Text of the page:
Ms. Vernegaard adds:

“This impact is forever. The impacts of street-based route (none of which are environmental), while real, are temporary and can be addressed in the foreseeable future.


Becky Smith, Clean Water Action

“Our environment is already overburdened by toxic chemicals. Increased use of herbicides to maintain vegetation along the transmission right of way will worsen this problem and bears particular concerns for vernal pools and wetlands. Worse, the use of herbicides, with their potential carcinogens, poses a threat to human health by potential contamination of area wells and aquifers providing drinking water for 18,000 Sudbury residents.”


Emily Norton, Massachusetts Sierra Club

“As wild lands, wildlife, recreation areas, and historic districts are increasingly at risk in our country, our obligation to current and future citizens is to do everything in our power to ensure that we preserve every precious natural resource that we currently enjoy. We understand that Eversource is putting forth the above-ground line as a “lowest” cost proposal. We believe, to the contrary, that it and any other route through conservation lands represents the highest-cost proposal and should be discarded. We cannot afford to dismiss the consequences of failing to ignore the value to humankind of unbroken forest and wetlands, wildlife and clean water.”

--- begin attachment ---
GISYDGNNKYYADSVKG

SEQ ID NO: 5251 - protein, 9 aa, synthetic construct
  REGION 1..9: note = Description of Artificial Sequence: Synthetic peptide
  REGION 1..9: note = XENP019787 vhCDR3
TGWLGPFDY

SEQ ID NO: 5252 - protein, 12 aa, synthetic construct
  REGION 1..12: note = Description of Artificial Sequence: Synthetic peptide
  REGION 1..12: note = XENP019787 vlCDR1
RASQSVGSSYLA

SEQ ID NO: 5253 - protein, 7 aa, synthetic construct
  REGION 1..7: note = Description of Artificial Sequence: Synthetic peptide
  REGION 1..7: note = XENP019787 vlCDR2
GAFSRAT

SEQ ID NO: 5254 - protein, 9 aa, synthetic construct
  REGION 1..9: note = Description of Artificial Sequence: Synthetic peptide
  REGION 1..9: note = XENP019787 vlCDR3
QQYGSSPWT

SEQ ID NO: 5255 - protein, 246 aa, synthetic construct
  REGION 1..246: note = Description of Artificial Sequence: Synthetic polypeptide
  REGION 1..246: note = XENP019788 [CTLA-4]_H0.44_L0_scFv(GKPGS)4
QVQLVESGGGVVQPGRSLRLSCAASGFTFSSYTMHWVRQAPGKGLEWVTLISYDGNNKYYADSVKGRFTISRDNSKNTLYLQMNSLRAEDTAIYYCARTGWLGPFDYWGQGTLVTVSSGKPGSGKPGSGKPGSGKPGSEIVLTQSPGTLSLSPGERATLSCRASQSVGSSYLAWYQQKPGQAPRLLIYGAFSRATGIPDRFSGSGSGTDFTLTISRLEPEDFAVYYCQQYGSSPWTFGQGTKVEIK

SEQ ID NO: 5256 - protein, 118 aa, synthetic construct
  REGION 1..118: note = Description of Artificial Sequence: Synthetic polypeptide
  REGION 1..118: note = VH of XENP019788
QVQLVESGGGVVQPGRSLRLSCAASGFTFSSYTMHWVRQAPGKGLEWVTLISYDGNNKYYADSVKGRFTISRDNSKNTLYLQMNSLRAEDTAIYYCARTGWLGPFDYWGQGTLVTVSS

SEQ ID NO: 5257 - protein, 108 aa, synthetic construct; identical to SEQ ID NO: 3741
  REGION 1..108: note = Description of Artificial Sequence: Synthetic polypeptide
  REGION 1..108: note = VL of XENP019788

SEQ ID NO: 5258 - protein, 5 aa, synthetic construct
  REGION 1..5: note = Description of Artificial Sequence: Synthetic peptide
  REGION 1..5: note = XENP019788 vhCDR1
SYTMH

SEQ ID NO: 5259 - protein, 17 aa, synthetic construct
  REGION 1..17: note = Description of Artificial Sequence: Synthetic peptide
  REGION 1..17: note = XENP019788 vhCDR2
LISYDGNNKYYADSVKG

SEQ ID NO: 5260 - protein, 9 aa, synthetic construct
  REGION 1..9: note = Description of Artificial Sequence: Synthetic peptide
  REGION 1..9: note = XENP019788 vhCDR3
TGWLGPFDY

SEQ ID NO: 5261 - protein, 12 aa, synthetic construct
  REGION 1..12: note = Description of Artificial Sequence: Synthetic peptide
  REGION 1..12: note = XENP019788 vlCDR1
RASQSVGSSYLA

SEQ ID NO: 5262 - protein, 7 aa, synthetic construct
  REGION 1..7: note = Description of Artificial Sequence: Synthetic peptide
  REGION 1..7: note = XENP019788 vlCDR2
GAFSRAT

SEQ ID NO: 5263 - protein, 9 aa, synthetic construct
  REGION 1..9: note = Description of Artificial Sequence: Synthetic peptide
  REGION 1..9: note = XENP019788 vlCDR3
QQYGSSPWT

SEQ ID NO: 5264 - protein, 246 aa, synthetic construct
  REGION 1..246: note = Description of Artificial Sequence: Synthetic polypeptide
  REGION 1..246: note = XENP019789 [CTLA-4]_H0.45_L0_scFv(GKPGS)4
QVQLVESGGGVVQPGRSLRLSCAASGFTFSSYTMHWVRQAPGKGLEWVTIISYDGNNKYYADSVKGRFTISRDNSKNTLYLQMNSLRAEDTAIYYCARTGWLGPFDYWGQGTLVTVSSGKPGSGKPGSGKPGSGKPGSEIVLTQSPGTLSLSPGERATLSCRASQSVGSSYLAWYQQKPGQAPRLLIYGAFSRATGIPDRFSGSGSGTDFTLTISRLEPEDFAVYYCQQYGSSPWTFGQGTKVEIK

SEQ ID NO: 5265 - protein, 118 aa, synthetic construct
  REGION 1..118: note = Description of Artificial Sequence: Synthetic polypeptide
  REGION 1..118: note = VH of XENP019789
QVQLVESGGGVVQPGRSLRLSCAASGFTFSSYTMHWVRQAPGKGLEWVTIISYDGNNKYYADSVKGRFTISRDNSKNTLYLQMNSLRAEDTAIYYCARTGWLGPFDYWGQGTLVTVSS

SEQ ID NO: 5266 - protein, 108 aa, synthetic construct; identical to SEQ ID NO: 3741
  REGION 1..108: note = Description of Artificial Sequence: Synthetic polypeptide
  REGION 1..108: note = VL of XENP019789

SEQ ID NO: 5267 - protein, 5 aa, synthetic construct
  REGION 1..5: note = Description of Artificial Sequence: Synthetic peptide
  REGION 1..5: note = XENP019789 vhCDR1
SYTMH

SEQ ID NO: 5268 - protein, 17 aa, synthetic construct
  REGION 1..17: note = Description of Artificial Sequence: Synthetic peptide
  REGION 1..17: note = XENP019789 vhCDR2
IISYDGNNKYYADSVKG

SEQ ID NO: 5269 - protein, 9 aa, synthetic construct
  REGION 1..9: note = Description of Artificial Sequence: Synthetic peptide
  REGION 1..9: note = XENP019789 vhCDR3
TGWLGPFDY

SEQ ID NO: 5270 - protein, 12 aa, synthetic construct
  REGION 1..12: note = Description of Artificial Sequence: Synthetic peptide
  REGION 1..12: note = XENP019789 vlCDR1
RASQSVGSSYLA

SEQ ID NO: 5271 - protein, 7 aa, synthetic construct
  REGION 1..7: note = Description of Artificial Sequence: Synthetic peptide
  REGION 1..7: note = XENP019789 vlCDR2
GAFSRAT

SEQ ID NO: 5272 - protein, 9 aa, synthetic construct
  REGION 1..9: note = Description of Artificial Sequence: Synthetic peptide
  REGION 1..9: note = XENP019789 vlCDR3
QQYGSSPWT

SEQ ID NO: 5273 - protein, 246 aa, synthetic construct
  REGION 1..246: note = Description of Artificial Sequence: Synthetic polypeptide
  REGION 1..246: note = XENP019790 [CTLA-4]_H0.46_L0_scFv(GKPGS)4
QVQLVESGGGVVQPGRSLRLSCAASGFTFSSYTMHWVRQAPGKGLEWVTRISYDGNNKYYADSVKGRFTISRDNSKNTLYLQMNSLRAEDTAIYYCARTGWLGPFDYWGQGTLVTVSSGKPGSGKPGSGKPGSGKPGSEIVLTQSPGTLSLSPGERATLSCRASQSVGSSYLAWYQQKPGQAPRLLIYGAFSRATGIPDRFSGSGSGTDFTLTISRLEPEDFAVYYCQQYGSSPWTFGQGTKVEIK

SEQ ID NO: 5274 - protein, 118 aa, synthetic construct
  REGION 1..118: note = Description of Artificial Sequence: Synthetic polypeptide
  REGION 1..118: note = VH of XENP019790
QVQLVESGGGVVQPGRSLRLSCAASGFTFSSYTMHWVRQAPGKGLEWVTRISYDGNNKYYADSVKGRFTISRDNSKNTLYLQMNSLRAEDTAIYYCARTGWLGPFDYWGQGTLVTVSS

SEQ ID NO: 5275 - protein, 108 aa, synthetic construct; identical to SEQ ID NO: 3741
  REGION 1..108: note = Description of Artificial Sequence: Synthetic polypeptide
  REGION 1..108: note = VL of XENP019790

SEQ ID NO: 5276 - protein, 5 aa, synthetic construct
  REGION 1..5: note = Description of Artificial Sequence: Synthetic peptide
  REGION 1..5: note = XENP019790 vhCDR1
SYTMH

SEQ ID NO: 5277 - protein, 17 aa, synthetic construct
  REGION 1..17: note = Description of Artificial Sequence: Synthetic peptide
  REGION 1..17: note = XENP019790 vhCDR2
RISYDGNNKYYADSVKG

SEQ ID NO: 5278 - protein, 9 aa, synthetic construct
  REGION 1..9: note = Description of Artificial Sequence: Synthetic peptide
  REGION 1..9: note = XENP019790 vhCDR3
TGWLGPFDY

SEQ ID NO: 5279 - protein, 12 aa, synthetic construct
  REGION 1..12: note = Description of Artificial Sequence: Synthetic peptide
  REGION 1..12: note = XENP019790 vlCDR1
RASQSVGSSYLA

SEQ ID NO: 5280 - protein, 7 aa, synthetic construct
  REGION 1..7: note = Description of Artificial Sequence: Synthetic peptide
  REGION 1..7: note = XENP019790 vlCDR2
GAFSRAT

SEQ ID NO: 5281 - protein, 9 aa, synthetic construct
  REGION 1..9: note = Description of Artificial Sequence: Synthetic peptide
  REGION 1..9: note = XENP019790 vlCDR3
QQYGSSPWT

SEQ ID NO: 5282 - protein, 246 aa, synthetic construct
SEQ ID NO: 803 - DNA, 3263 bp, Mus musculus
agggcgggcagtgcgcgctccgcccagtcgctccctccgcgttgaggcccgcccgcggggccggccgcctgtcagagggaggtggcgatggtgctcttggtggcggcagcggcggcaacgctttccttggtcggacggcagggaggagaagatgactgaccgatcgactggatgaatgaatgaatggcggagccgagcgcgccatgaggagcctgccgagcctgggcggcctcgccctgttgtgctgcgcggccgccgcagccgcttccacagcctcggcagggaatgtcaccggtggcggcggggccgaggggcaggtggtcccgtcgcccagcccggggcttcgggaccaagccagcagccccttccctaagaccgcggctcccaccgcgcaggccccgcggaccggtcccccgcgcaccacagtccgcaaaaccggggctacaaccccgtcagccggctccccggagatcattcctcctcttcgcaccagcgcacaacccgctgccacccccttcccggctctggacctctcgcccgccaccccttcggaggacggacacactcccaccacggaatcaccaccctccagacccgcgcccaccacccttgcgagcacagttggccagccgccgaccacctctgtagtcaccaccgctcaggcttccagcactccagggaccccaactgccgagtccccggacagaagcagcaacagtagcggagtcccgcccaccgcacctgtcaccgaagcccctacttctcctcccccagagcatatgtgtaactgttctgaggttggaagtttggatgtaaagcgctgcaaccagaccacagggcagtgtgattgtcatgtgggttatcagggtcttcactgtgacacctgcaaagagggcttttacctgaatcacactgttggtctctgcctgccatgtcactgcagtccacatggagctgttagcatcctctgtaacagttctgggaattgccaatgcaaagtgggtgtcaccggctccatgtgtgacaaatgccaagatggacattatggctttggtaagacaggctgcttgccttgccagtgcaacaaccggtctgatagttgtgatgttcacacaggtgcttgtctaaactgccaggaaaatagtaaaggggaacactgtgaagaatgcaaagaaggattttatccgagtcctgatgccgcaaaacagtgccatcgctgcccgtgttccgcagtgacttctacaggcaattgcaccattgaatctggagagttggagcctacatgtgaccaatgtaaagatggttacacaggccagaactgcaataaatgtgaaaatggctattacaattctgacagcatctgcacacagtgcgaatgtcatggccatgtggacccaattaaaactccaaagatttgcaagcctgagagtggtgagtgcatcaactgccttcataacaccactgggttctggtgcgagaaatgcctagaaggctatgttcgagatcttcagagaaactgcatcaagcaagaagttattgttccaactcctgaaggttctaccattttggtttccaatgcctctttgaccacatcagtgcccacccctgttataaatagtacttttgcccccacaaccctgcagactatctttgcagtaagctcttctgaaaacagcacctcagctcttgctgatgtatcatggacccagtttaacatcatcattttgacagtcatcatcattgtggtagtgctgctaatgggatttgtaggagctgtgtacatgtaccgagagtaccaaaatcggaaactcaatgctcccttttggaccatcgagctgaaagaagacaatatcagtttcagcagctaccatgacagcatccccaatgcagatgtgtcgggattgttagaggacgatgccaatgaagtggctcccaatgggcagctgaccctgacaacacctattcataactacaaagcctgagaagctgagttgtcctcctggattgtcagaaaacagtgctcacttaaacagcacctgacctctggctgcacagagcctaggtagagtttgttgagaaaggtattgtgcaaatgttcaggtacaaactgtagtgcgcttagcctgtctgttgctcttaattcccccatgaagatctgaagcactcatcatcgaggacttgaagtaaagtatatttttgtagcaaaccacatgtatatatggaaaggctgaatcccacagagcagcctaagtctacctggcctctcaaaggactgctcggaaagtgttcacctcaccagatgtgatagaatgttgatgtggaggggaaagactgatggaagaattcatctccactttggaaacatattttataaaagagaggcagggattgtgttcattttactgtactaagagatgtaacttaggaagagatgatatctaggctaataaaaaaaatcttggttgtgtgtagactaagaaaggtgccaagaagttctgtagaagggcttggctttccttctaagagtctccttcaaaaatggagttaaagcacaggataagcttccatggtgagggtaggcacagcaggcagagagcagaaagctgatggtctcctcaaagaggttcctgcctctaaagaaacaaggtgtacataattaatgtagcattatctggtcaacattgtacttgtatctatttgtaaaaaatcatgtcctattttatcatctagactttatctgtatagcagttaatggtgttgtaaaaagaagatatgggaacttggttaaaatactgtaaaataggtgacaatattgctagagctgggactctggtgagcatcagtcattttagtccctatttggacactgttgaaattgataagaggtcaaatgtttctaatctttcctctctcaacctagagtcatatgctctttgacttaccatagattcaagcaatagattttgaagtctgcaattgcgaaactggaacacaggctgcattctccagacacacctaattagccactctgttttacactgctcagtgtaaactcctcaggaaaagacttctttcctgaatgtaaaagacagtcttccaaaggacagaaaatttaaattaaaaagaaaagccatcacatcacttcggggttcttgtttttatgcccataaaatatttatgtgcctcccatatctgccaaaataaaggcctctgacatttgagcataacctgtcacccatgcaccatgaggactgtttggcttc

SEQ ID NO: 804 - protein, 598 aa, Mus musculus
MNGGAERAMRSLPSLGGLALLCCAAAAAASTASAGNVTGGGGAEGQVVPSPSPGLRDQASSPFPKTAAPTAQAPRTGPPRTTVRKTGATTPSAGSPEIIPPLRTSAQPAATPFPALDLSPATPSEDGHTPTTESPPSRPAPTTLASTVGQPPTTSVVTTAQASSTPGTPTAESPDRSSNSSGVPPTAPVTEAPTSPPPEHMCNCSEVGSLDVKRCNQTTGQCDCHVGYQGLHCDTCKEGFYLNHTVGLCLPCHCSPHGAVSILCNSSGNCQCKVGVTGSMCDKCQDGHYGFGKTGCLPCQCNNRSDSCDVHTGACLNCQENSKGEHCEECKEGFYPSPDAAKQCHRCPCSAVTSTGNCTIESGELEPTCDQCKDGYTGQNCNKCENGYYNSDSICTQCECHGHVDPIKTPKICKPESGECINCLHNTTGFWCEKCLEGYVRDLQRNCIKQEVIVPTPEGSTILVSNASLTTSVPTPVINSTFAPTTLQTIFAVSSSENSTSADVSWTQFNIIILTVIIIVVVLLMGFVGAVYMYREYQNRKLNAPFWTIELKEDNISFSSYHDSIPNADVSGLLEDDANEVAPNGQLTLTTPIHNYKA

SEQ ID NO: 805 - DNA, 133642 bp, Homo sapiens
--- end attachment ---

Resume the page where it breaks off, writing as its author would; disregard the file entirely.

John Clarke, Mass. Audubon

“In calculating the costs of constructing lines through and adjacent to protected lands, the full costs and availability (or lack thereof) of mitigation lands of equivalent natural resource value must also be considered. The Executive Office of Energy and Environmental Affairs’ policy on disposition of lands protected under Article 97 of the state Constitution requires not merely consideration of the market value of the impacted lands but also the natural resource value. In rapidly developing suburbs such as Sudbury and Hudson, land available for replacement conservation is limited, and it is not feasible to fully mitigate for the fragmentation effects on large blocks of woodland.”